Update on LG Act Reform Planning Progress

Today, we received a letter from Minister Hutchins, informing ratepayers the progress status of the reform planning milestones to date.

Last year, we organised a forum in the Knox club, to provide feedback to a discussion paper proposing reform directions and ideas. We understand that a first version (or draft) of the proposed new legislation will be released sometime this year, open to a last open review before completing a final version for Parliamentary review and approval voting. The letter we received today is in response to the summary list we submitted to the Reform team in early January  2017.

RV’s January 2017 list of priority items for reform is as follows:

  1. Effective compliance to the Act:  Without an effective policing system, non compliance , as is today, will continue business as usual where there are lacking effective penalties to no consequences for non compliance offences. As a component of a future policing system, we also recommend adopting citizen juries, to help oversee and report governance and compliance at local levels. The Minister can nominate and provide training & support for qualified ratepayers to be part of their council’s citizen jury team. Ratepayers Victoria can help implement and manage this new community driven component of governance and compliance management
  2. Rate Valuation Equity:  As seen in the latest Parliament Rate Capping report, councils and opposition parties are not supporting rates capping and they continuously steer towards blaming the Fair Go Rates policy for escalating and above CPI individual rate rises. The real cause is CIV and the ineffective use of existing rating tools by councils. We recommend moving away from adopting CIV towards adopting a modified SIV as common state-wide rate revaluation method. SIV ensures investment developers can no longer benefit the most from a CIV approach and more importantly gives some protection for our older ratepayers from excessive rate rises caused by CIV.
  3. Standard chart of accounts (prescriptive):  essential for increasing financial accountability and sustainability across all service and operational dimensions of municipal businesses. This chart of account also has to integrate a common service classification system and the LGPRF to streamline lifecycle and performance management of the many hundreds of individual municipal services claimed by councils.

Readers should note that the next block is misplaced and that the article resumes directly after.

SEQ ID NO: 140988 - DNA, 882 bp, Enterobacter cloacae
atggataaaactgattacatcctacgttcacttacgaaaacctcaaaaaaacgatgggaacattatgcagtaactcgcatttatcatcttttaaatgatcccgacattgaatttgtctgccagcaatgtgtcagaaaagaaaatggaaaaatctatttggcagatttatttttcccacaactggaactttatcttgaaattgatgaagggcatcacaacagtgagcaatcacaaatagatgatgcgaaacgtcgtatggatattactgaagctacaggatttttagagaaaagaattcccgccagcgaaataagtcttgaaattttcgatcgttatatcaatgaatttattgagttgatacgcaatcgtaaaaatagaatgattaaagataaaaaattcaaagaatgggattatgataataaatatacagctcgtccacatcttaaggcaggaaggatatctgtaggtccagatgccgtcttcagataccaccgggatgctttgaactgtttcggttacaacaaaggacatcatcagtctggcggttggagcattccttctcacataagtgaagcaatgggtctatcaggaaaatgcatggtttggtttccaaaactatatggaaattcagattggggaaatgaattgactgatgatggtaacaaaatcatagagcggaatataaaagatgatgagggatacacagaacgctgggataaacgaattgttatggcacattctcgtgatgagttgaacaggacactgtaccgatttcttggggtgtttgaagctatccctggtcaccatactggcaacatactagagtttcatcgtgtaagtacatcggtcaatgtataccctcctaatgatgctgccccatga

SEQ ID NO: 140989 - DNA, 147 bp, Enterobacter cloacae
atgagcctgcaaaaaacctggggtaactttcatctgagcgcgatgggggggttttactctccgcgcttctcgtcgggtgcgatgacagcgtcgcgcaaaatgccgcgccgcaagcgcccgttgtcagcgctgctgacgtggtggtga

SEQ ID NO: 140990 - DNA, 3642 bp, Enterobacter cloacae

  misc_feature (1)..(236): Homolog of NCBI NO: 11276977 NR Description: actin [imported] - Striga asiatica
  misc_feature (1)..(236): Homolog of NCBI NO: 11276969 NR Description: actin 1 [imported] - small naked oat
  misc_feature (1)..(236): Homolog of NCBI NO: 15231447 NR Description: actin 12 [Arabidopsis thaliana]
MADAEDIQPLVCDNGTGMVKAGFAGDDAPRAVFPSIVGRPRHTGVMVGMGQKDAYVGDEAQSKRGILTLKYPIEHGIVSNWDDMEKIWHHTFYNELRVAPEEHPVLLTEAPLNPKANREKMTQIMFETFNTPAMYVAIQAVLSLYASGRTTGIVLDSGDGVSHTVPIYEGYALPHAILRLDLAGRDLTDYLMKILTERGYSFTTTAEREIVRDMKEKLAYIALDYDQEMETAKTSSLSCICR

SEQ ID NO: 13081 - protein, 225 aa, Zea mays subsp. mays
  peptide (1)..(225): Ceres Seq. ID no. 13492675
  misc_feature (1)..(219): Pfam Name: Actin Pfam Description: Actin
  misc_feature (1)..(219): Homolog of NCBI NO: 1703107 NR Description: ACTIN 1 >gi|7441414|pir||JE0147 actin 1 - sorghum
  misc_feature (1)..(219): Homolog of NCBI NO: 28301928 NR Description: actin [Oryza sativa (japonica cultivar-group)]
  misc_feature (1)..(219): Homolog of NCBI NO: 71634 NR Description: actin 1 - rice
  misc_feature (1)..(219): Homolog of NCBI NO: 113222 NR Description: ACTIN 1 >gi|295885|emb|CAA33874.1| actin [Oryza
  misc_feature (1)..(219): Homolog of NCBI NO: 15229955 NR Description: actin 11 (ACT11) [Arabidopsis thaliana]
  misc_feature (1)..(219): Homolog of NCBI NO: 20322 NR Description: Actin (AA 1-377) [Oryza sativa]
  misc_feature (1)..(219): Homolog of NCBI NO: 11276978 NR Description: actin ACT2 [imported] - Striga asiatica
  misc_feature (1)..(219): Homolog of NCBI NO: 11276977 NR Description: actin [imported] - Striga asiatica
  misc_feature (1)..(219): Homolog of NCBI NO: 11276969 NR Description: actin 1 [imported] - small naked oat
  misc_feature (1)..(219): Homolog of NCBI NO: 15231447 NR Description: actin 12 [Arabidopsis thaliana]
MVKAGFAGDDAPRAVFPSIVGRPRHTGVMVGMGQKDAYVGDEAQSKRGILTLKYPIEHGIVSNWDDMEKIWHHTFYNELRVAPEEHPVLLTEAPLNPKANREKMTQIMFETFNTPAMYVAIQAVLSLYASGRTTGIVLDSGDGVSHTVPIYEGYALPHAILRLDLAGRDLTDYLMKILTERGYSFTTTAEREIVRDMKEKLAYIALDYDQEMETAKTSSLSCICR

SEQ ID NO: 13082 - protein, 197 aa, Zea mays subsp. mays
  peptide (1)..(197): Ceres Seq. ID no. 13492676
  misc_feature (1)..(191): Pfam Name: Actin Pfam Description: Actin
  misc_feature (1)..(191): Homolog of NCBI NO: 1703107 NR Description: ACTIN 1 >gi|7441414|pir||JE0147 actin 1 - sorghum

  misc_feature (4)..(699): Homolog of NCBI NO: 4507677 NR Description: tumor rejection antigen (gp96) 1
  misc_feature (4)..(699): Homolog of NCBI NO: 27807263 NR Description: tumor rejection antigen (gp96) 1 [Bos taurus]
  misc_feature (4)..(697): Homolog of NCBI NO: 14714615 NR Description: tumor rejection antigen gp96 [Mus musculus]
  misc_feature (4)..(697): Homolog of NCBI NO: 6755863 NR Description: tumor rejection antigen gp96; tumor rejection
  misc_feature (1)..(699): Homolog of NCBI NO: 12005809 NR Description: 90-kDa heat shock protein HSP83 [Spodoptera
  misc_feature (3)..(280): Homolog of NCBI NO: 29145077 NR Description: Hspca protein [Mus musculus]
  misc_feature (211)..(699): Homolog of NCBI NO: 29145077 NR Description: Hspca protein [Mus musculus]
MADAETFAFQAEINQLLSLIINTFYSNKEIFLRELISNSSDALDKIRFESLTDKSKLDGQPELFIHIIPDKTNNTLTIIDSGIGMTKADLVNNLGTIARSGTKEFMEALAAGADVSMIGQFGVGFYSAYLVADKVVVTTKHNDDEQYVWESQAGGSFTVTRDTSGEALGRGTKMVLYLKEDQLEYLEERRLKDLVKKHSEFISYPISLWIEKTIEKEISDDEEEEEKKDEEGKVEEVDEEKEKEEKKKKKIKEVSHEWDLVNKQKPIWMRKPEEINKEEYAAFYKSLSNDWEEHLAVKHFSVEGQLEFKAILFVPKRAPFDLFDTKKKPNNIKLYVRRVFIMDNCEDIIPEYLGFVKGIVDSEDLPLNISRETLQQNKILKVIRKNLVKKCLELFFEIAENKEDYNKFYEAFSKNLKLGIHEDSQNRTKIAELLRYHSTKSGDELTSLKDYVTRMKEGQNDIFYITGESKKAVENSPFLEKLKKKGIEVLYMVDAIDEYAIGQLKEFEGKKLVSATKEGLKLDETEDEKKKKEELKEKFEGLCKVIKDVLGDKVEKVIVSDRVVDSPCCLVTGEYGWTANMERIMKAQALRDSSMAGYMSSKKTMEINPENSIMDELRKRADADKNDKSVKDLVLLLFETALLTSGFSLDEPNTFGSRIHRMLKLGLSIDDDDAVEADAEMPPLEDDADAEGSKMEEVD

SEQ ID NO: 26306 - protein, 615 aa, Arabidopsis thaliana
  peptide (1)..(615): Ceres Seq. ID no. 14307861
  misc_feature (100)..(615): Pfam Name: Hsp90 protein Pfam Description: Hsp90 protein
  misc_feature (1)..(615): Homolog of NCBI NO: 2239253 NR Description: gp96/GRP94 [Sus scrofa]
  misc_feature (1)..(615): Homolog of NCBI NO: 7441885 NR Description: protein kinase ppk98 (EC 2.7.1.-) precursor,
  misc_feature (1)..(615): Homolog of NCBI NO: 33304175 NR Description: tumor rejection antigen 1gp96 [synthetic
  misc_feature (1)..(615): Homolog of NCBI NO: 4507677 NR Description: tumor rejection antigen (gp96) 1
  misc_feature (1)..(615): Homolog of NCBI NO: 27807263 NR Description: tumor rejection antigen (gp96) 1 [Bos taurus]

4. A uniform complaint management Registry system across all councils that allows all stakeholders, especially ratepayers to track and manage the resolution status and satisfaction measures of registered complaint processing from capture to resolution. The analytics reporting will give evidence and insights into the strengths and weaknesses of councils’ capacities and self improvement propensities to service their communities, including their performance in good governance conduct and decision making.
  5. Community Engagement: Adopt a state common standard in public participation, such as the IAP2, which can provide the standard framework dimensions for justifying council’s choice of community engagement levels and reporting their performance measures in community engagement.
  6. Confidentiality and Conflict of interest: Distinct state-wide definitions of meeting confidentiality and conflict of interest (CoI) declarations (including compliance & offence rules) need to be specific, to return integrity of council’s decision making information transparency and justification accountability.
  7. Decision making Transparency & “Best Value” accountability: Simply making up and availing information for decision making, through officers reports or on the go council meeting debates is not sufficient to achieve transparency. Mandate guidelines for better and decision making information to be more relevant and publically accessible, timely and accurate and complete. We recommend decision making publications to be proactive and provide clarity of procedural and information criteria that explain (a) how decisions are to be made, justified and risk assessed and (b) organisational project management procedures and measures to ensure and report traceable and progressing implementation accountability.
  8. Term limits on CEO and councillors (2 terms), to mitigate groupthink, incompetent and politically biased councillors and CEOs to service local communities.  We also recommend performance appraisals, supported by clear performance measures, to be adopted and published , to motivate CEO, Mayors and Councillors to be more accountable to their communities and demonstrate their capacities to achieve goals, linked to their performance measures and Below are a list of reform priorities ratepayers would like to see included in the scope of LG reforms.Councillors’
  9. Competency Assurance:  It is common knowledge that lacking councillors’ competencies in leadership, governance and interpersonal skills are some of the key factors that are fostering poor council cultures, biased and poor decision making, incompetency, mistrust and poor relationships with their communities.  Regular and progressive training can be mandated, especially for long standing councillors, to build / correct councillors’ competencies in leadership, corporate governance and people relationship management.

 

Community Enagement & 2017-18 Rates Variation Applications